The Draft New Companies Law in KSA
The changes in Saudi-Arabia’s (KSA) legal landscape have been frequent and meaningful over the last few years owing to the country’s appetite for foreign direct investment. Between these changes are reforms envisaged in corporate law. The main regulators for corporate law, the Capital Market Authority and the Ministry of Commerce presented a comprehensive draft for a new companies’ law in Arabic (Draft). The Draft, among other things, includes the following changes:
1. The Draft endeavors to integrate all corporate vehicles into one piece of legislation. It now covers not only commercial companies but also comprises professional as well as nonprofit companies. In addition, the Draft features two new forms of stock companies, the Partnership on Stock (with personally liable partners on the one hand and (tradable) stocks with limited liability on the other) and the Simple Joint Stock Company (a new concept in the GCC, easier to incorporate and manage than a fully-fledged joint stock company and thereby potentially more suitable also for smaller and medium sized ventures). The currently included silent partnership (joint venture) is not recognized as a company form in the Draft.
2. The Draft furthermore proposes the following general corporate rules:
- Recognition of shareholders’ and JV agreements;
- Adherence to Gregorian calendar for financial year;
- Eased regulations for SMEs;
- Introduction of different classes of shares;
- Share registers are centrally regulated and supervised, thus paving the way for simplified share transfers and a unified Ultimate Beneficial Owner register system to adhere to OECD standards.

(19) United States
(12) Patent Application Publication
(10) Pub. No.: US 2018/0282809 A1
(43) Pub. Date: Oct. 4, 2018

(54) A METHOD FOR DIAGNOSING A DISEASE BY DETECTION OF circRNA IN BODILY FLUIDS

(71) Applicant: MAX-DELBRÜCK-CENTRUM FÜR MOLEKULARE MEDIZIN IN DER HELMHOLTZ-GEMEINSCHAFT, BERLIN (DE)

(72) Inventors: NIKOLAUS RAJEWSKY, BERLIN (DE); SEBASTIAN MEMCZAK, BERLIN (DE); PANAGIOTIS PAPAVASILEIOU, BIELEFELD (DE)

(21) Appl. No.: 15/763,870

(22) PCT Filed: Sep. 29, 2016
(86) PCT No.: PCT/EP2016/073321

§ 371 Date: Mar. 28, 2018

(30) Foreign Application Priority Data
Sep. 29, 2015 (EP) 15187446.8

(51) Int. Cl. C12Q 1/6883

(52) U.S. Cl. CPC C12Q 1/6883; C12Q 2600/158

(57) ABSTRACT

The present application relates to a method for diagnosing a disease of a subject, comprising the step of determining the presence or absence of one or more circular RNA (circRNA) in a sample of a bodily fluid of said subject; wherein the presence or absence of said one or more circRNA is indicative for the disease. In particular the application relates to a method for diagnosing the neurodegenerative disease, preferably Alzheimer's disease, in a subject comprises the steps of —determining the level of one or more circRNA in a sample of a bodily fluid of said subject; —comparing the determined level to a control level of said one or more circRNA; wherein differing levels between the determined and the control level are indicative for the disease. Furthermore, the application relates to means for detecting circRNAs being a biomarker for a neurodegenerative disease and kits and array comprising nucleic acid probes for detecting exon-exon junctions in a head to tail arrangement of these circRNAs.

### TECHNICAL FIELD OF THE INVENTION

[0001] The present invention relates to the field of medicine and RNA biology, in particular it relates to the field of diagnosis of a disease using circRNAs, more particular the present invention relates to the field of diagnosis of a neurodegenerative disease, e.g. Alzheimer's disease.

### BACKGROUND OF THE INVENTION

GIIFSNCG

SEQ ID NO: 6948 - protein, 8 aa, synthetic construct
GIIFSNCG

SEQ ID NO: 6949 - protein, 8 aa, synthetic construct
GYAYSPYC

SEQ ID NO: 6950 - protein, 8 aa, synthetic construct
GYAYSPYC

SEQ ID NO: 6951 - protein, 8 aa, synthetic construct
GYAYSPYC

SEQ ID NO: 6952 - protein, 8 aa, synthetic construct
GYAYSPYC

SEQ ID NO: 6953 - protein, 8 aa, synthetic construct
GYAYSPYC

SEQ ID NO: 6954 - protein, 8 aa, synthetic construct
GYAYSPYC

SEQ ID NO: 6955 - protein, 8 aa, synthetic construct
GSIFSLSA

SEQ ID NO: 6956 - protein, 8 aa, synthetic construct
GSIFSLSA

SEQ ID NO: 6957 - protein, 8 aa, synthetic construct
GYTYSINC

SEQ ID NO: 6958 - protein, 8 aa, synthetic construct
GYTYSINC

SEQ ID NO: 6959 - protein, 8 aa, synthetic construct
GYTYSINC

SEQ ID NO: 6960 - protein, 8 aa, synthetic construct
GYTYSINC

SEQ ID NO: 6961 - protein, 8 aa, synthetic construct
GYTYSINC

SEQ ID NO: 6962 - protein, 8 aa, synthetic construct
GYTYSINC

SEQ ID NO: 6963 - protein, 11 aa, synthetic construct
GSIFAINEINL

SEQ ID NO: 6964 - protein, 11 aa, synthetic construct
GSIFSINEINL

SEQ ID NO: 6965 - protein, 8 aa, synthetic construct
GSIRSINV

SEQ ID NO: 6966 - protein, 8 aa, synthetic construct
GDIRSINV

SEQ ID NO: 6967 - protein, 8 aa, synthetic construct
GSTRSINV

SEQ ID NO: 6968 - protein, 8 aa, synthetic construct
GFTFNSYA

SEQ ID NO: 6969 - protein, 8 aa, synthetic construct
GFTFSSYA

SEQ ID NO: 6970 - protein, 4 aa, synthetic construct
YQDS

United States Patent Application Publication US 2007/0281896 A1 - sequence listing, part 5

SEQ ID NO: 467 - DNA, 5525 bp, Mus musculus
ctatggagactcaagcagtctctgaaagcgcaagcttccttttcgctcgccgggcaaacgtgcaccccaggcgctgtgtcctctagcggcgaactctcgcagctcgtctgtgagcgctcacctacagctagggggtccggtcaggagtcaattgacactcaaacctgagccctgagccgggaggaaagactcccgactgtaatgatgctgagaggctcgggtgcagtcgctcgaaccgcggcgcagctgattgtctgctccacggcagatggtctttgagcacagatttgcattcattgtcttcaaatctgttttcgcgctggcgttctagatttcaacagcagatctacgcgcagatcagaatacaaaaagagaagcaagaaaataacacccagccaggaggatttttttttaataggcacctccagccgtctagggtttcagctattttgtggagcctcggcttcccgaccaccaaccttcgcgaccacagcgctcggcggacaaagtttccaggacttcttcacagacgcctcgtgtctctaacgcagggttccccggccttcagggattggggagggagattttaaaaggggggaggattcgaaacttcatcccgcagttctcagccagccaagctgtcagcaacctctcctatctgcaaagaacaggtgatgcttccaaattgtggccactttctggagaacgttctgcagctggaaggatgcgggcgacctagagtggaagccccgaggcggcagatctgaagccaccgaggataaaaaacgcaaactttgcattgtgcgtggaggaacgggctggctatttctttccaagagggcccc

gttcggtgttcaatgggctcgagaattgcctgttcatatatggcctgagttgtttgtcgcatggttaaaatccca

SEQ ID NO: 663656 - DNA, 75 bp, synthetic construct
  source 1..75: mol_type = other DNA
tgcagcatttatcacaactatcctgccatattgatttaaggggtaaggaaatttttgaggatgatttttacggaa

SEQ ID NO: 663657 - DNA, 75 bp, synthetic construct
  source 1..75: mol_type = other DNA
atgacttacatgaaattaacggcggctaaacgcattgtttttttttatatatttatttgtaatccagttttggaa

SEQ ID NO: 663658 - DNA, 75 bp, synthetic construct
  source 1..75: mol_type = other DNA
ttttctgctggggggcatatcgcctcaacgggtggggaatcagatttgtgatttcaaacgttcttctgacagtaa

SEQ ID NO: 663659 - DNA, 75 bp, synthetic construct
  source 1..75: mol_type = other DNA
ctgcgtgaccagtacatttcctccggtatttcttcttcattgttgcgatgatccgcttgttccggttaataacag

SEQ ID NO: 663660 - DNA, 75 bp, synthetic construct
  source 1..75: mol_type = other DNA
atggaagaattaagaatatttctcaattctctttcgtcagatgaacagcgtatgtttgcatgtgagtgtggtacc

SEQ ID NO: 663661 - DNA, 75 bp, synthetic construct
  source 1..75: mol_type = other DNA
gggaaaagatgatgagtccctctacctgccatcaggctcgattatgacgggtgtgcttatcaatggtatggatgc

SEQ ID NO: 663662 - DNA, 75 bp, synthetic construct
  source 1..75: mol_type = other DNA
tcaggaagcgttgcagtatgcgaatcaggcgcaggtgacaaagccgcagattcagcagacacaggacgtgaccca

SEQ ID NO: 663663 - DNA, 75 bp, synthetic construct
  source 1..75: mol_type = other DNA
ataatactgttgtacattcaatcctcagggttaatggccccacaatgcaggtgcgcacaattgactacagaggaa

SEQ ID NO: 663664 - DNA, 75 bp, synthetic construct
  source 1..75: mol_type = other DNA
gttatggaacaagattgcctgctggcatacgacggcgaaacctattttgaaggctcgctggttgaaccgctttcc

3. In connection with Limited Liability Companies, the Draft includes the following changes:
- Removal of the maximum limit of 50 shareholders;
- Elimination of restrictions for single-shareholder-LLCs (i.e. now single-shareholder-LLCs can hold other single-shareholder-LLCs and individuals can hold several single-shareholder-LLCs);
- Cancellation of prohibited activities (e.g. banking);
- Removal of requirement to pay the share capital into a blocked account before incorporation;
- Possibility to issue bonds;
- Power of attorney by default for the director to represent the LLC in litigation and arbitration by default. Previously this was subject to special powers of attorney and proved challenging in practice.
The Draft promises a more elaborate corporate environment for KSA’s future. It leaves behind many stereotypes and simplifications of GCC corporate legislation and adopts a bespoke approach to corporate solutions in KSA. We are looking forward anticipate these initiatives to be formulated into the law soon.
SCHLÜTER GRAF's dedicated KSA team will keep you posted on the final enactment of the law as well as the details of its content and implications for businesses and investors in the Kingdom of Saudi Arabia. For more information, please contact your usual contact person at SCHLÜTER GRAF or send an email to email@example.com.